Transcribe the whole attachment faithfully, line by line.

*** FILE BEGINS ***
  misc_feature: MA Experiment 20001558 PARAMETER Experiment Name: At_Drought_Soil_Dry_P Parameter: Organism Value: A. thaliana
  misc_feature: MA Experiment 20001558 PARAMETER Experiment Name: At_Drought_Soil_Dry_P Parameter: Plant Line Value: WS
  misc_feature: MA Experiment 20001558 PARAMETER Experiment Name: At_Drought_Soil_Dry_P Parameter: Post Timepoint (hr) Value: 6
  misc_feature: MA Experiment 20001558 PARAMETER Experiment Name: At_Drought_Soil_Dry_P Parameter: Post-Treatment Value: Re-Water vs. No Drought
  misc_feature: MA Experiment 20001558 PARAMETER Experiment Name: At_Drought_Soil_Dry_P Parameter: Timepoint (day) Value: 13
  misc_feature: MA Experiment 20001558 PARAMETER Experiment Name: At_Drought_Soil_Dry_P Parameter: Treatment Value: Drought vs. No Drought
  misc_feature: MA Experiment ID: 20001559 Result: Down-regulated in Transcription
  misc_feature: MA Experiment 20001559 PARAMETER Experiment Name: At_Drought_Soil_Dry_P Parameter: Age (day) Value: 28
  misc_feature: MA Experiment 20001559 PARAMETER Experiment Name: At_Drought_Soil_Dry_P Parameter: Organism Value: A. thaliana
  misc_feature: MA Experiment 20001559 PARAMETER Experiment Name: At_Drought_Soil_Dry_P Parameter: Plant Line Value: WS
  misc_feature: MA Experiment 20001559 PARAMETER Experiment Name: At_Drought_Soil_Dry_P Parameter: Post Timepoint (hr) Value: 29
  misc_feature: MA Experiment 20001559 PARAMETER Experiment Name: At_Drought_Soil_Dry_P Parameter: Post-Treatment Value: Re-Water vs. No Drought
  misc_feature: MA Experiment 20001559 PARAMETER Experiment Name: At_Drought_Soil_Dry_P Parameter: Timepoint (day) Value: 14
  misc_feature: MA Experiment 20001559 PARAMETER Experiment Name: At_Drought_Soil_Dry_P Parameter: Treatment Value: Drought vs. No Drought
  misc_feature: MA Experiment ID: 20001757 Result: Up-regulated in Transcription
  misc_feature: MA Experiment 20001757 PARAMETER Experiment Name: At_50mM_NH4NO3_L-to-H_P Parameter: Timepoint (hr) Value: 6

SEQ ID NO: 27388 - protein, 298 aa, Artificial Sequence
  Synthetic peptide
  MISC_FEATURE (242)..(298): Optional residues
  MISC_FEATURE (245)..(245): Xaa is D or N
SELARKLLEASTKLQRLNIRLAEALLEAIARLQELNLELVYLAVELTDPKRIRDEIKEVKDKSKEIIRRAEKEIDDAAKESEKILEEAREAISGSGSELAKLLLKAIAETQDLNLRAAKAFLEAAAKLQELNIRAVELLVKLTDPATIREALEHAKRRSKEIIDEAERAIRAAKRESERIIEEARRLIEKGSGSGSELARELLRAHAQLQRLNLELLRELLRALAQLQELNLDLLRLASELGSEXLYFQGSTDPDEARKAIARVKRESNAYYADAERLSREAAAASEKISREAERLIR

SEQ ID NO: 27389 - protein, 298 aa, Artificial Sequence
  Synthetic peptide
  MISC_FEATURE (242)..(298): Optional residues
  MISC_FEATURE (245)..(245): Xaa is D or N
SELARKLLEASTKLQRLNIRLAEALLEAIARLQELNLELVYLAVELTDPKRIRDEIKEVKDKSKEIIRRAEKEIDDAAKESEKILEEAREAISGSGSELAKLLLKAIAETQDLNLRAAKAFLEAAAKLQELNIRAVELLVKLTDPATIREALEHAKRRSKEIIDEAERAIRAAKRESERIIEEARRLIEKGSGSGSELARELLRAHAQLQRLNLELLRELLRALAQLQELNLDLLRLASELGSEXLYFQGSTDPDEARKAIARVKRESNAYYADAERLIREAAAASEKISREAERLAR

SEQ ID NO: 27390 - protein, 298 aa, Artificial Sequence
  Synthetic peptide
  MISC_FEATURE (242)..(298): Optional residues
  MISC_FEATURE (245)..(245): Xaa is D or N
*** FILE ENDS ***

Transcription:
  misc_feature: MA Experiment 20001558 PARAMETER Experiment Name: At_Drought_Soil_Dry_P Parameter: Organism Value: A. thaliana
  misc_feature: MA Experiment 20001558 PARAMETER Experiment Name: At_Drought_Soil_Dry_P Parameter: Plant Line Value: WS
  misc_feature: MA Experiment 20001558 PARAMETER Experiment Name: At_Drought_Soil_Dry_P Parameter: Post Timepoint (hr) Value: 6
  misc_feature: MA Experiment 20001558 PARAMETER Experiment Name: At_Drought_Soil_Dry_P Parameter: Post-Treatment Value: Re-Water vs. No Drought
  misc_feature: MA Experiment 20001558 PARAMETER Experiment Name: At_Drought_Soil_Dry_P Parameter: Timepoint (day) Value: 13
  misc_feature: MA Experiment 20001558 PARAMETER Experiment Name: At_Drought_Soil_Dry_P Parameter: Treatment Value: Drought vs. No Drought
  misc_feature: MA Experiment ID: 20001559 Result: Down-regulated in Transcription
  misc_feature: MA Experiment 20001559 PARAMETER Experiment Name: At_Drought_Soil_Dry_P Parameter: Age (day) Value: 28
  misc_feature: MA Experiment 20001559 PARAMETER Experiment Name: At_Drought_Soil_Dry_P Parameter: Organism Value: A. thaliana
  misc_feature: MA Experiment 20001559 PARAMETER Experiment Name: At_Drought_Soil_Dry_P Parameter: Plant Line Value: WS
  misc_feature: MA Experiment 20001559 PARAMETER Experiment Name: At_Drought_Soil_Dry_P Parameter: Post Timepoint (hr) Value: 29
  misc_feature: MA Experiment 20001559 PARAMETER Experiment Name: At_Drought_Soil_Dry_P Parameter: Post-Treatment Value: Re-Water vs. No Drought
  misc_feature: MA Experiment 20001559 PARAMETER Experiment Name: At_Drought_Soil_Dry_P Parameter: Timepoint (day) Value: 14
  misc_feature: MA Experiment 20001559 PARAMETER Experiment Name: At_Drought_Soil_Dry_P Parameter: Treatment Value: Drought vs. No Drought
  misc_feature: MA Experiment ID: 20001757 Result: Up-regulated in Transcription
  misc_feature: MA Experiment 20001757 PARAMETER Experiment Name: At_50mM_NH4NO3_L-to-H_P Parameter: Timepoint (hr) Value: 6

SEQ ID NO: 27388 - protein, 298 aa, Artificial Sequence
  Synthetic peptide
  MISC_FEATURE (242)..(298): Optional residues
  MISC_FEATURE (245)..(245): Xaa is D or N
SELARKLLEASTKLQRLNIRLAEALLEAIARLQELNLELVYLAVELTDPKRIRDEIKEVKDKSKEIIRRAEKEIDDAAKESEKILEEAREAISGSGSELAKLLLKAIAETQDLNLRAAKAFLEAAAKLQELNIRAVELLVKLTDPATIREALEHAKRRSKEIIDEAERAIRAAKRESERIIEEARRLIEKGSGSGSELARELLRAHAQLQRLNLELLRELLRALAQLQELNLDLLRLASELGSEXLYFQGSTDPDEARKAIARVKRESNAYYADAERLSREAAAASEKISREAERLIR

SEQ ID NO: 27389 - protein, 298 aa, Artificial Sequence
  Synthetic peptide
  MISC_FEATURE (242)..(298): Optional residues
  MISC_FEATURE (245)..(245): Xaa is D or N
SELARKLLEASTKLQRLNIRLAEALLEAIARLQELNLELVYLAVELTDPKRIRDEIKEVKDKSKEIIRRAEKEIDDAAKESEKILEEAREAISGSGSELAKLLLKAIAETQDLNLRAAKAFLEAAAKLQELNIRAVELLVKLTDPATIREALEHAKRRSKEIIDEAERAIRAAKRESERIIEEARRLIEKGSGSGSELARELLRAHAQLQRLNLELLRELLRALAQLQELNLDLLRLASELGSEXLYFQGSTDPDEARKAIARVKRESNAYYADAERLIREAAAASEKISREAERLAR

SEQ ID NO: 27390 - protein, 298 aa, Artificial Sequence
  Synthetic peptide
  MISC_FEATURE (242)..(298): Optional residues
  MISC_FEATURE (245)..(245): Xaa is D or N